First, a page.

NIH Research Festival
Background: Growing up in an urban area predicts increased risk for mental illness, and recently, neuronal activation in task-related fMRI. We found a COMT-by-urbanicity interaction whereby carriers of the risk allele, Val/Val showed more parahippocampal gyrus activation during an encoding task when raised exclusively in an urban environment. We hypothesized that urbanicity would also interact with the brain derived neurotrophic factor (BDNF) gene during an encoding memory paradigm. Methods: 134 healthy subjects participated in BOLD fMRI, neutral and aversive stimuli encoding and retrieval tasks. As in previous experiments rural subjects were raised where the population was less than 10,000, town between 10,000 and 100,000, and urban greater than 100,000. We tested for the BDNF-by-urbanicity interaction and main effect of urbanicity. Results: Main effects of BDNF and urbanicity, as well as an interaction, were observed in the parahippocampal gyrus during encoding. We found that urban upbringing and BDNF genotype interacted to alter activation in areas in the bilateral parahippocampal gyrus, whereby urban Met/Met carriers activated the least. Discussion: As was seen with the COMT gene, the BDNF-by-Urbanicity interaction yielded greatest activation in bilateral parahippocampal gyrus for carriers of the risk allele. Performance was controlled for, suggesting that this difference in activation is not due to differences in memory retrieval. Our results suggest that childhood urbanicity may have effects beyond prefrontal regions and in genes tied to hippocampal area neuronal function.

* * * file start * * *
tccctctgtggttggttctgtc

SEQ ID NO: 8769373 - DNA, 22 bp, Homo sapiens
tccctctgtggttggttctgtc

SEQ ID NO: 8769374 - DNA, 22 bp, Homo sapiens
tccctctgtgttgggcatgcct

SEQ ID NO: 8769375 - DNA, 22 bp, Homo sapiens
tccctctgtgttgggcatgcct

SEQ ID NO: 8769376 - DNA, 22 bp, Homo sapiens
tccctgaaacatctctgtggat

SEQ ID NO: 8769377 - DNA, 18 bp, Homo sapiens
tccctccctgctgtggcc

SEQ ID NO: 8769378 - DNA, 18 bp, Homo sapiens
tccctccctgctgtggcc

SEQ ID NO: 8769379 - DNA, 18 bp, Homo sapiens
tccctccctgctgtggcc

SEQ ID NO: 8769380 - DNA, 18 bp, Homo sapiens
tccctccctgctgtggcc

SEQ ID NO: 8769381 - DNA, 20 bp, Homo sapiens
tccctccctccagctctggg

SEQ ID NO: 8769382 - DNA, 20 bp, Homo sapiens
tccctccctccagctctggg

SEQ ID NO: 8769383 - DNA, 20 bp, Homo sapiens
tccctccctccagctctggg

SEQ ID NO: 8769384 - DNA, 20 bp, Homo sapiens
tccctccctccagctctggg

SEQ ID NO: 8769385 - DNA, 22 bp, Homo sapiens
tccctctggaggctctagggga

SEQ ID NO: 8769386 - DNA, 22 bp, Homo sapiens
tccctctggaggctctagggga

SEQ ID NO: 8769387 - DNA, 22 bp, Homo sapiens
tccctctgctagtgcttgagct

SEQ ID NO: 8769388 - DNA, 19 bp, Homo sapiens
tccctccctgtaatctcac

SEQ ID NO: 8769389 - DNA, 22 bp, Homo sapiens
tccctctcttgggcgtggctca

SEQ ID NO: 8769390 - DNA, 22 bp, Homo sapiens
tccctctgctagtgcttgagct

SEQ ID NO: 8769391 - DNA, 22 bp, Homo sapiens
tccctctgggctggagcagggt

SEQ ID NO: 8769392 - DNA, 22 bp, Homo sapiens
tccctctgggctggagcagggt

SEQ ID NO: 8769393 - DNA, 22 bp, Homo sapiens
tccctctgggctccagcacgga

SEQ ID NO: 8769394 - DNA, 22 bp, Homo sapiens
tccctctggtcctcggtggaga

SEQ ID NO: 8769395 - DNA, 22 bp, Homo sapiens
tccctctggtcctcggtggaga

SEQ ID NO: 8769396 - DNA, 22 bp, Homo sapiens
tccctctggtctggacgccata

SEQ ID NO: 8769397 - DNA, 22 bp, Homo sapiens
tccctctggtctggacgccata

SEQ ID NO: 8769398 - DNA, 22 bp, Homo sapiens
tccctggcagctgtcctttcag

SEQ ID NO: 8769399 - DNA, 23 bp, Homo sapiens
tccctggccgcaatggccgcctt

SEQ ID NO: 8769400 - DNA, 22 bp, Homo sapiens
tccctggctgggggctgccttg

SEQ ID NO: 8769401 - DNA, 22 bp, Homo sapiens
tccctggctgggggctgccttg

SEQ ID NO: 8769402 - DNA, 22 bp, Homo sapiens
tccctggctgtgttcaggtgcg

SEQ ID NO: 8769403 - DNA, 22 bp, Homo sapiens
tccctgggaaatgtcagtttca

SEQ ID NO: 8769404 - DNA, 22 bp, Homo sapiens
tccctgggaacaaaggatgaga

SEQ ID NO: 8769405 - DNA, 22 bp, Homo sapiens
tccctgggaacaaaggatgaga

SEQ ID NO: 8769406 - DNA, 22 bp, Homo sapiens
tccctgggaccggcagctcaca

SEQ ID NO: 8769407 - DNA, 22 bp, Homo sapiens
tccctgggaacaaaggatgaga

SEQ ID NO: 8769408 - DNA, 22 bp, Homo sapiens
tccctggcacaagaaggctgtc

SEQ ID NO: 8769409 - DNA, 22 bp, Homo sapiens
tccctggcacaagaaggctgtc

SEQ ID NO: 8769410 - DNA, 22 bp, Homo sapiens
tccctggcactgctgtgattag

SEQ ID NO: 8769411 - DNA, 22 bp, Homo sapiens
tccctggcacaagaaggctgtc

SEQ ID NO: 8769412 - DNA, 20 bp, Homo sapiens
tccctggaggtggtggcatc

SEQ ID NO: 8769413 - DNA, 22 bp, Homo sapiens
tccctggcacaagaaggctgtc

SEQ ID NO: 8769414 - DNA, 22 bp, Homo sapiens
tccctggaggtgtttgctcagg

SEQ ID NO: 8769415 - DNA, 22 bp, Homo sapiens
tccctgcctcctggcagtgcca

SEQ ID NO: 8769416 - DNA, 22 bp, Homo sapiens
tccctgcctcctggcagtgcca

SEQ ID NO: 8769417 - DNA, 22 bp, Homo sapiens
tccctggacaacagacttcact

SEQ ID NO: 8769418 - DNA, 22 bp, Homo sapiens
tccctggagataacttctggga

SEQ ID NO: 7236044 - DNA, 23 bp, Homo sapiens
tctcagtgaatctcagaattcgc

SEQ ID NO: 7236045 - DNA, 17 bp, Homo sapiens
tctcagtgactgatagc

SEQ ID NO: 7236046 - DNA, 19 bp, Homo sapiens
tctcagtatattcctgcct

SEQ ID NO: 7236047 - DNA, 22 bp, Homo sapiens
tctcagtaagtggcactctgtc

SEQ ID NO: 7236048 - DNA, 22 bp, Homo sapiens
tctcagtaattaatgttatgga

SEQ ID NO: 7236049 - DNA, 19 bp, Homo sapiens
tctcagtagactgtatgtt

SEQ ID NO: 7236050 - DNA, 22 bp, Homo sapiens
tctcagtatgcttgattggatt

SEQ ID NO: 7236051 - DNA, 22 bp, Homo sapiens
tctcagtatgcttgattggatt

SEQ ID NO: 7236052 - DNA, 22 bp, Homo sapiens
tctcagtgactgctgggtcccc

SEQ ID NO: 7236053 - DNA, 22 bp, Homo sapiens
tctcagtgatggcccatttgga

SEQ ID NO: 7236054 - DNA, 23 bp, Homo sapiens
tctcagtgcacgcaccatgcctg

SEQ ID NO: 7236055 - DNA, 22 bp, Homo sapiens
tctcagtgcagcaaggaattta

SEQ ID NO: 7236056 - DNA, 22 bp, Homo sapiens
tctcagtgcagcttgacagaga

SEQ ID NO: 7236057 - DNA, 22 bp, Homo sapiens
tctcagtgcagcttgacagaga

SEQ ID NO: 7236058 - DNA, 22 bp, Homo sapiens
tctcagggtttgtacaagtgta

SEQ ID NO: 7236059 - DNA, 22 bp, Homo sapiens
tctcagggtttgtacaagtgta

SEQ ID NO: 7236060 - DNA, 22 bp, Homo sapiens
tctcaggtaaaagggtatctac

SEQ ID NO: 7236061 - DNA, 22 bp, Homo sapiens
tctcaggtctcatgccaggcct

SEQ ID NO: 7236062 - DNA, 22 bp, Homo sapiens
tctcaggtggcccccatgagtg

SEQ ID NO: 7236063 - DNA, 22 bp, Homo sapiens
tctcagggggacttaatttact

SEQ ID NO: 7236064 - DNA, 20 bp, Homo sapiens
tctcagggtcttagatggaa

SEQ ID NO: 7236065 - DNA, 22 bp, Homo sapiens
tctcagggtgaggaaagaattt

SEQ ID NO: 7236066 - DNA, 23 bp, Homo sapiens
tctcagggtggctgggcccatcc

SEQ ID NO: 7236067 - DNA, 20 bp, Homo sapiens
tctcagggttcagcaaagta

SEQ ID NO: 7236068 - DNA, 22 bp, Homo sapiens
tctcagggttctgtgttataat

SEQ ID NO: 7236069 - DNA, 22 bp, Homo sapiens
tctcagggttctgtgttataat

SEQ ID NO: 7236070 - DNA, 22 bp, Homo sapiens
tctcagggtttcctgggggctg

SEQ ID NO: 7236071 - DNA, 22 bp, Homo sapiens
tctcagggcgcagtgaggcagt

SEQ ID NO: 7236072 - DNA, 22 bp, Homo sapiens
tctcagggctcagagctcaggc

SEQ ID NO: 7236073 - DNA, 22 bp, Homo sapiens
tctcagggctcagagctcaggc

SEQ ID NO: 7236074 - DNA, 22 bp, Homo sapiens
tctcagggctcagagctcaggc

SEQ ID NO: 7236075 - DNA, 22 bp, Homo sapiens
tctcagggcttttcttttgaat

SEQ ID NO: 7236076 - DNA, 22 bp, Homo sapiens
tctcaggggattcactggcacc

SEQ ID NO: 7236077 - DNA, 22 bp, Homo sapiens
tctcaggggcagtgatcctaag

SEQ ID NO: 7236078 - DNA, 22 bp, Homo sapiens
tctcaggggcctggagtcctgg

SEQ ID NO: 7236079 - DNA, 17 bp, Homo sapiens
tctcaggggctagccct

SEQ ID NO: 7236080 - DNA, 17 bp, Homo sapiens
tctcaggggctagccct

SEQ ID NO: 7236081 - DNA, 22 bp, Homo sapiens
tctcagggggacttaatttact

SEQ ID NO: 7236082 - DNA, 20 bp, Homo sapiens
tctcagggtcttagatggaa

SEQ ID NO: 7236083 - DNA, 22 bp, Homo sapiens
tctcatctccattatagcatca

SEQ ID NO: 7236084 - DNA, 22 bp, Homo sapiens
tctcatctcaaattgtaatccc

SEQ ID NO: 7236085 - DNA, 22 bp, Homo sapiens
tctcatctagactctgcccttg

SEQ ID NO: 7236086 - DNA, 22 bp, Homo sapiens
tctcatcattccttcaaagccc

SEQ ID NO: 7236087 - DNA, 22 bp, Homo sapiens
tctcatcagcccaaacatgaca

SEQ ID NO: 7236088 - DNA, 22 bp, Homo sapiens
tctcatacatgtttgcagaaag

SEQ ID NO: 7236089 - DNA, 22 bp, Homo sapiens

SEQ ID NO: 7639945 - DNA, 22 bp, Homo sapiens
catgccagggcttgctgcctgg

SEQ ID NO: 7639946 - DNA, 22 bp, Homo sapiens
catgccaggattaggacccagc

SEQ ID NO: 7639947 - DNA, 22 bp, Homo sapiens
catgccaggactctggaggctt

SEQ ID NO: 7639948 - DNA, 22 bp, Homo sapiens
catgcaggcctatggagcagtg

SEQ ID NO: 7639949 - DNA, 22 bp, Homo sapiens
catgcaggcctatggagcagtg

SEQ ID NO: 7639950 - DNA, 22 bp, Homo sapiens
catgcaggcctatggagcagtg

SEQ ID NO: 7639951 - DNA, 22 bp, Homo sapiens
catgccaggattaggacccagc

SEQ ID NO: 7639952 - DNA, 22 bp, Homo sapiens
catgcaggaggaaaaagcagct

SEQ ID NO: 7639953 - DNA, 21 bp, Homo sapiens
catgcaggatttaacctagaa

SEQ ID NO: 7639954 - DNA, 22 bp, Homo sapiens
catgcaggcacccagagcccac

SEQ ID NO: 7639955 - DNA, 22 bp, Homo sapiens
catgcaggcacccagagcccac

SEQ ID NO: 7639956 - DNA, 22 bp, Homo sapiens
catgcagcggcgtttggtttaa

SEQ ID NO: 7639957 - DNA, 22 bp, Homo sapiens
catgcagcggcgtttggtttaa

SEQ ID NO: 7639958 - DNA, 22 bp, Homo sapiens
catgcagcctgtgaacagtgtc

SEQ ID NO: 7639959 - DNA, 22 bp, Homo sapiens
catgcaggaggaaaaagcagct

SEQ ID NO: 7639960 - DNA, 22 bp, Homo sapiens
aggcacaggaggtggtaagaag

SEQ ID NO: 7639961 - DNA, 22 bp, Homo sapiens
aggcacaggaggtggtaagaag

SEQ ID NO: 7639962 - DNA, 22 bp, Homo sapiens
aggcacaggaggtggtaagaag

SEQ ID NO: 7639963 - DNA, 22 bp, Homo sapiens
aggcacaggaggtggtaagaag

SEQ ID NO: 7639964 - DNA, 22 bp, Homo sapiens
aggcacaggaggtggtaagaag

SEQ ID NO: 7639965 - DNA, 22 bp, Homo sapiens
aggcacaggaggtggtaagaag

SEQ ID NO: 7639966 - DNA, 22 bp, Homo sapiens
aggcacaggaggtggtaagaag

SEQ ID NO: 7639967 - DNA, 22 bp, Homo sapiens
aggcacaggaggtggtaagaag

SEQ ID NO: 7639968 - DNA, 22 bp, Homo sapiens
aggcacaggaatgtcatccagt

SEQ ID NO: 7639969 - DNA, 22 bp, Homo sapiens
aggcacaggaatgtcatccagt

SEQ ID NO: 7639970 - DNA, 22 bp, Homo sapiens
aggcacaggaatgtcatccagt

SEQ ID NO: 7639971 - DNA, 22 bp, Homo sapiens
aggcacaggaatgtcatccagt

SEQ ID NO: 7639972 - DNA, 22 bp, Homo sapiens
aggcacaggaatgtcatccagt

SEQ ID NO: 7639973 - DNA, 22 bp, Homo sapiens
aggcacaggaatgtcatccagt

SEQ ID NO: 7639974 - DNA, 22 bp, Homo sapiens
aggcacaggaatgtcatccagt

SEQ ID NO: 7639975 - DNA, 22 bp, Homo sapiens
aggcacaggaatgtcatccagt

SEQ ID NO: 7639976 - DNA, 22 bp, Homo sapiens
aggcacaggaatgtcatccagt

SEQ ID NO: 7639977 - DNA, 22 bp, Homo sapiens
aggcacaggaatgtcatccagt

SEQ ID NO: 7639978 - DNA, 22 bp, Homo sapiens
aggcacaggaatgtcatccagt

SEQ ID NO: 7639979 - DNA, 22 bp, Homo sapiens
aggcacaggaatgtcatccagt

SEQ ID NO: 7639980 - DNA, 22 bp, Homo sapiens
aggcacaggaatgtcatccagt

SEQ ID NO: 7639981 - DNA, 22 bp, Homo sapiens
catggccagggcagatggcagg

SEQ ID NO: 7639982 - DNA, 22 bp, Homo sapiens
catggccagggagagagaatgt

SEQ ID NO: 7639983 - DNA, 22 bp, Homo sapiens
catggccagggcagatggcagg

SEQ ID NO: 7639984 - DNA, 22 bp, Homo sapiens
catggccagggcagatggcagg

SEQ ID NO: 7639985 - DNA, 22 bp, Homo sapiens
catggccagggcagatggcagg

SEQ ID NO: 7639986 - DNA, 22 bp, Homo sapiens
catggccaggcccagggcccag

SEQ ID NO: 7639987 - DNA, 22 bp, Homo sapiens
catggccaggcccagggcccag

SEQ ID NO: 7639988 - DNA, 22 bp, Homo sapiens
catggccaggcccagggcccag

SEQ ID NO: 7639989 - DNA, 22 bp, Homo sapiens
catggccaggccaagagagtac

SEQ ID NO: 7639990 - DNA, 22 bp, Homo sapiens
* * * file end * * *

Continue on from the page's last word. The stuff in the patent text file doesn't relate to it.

Scientific Focus Area: Neuroscience
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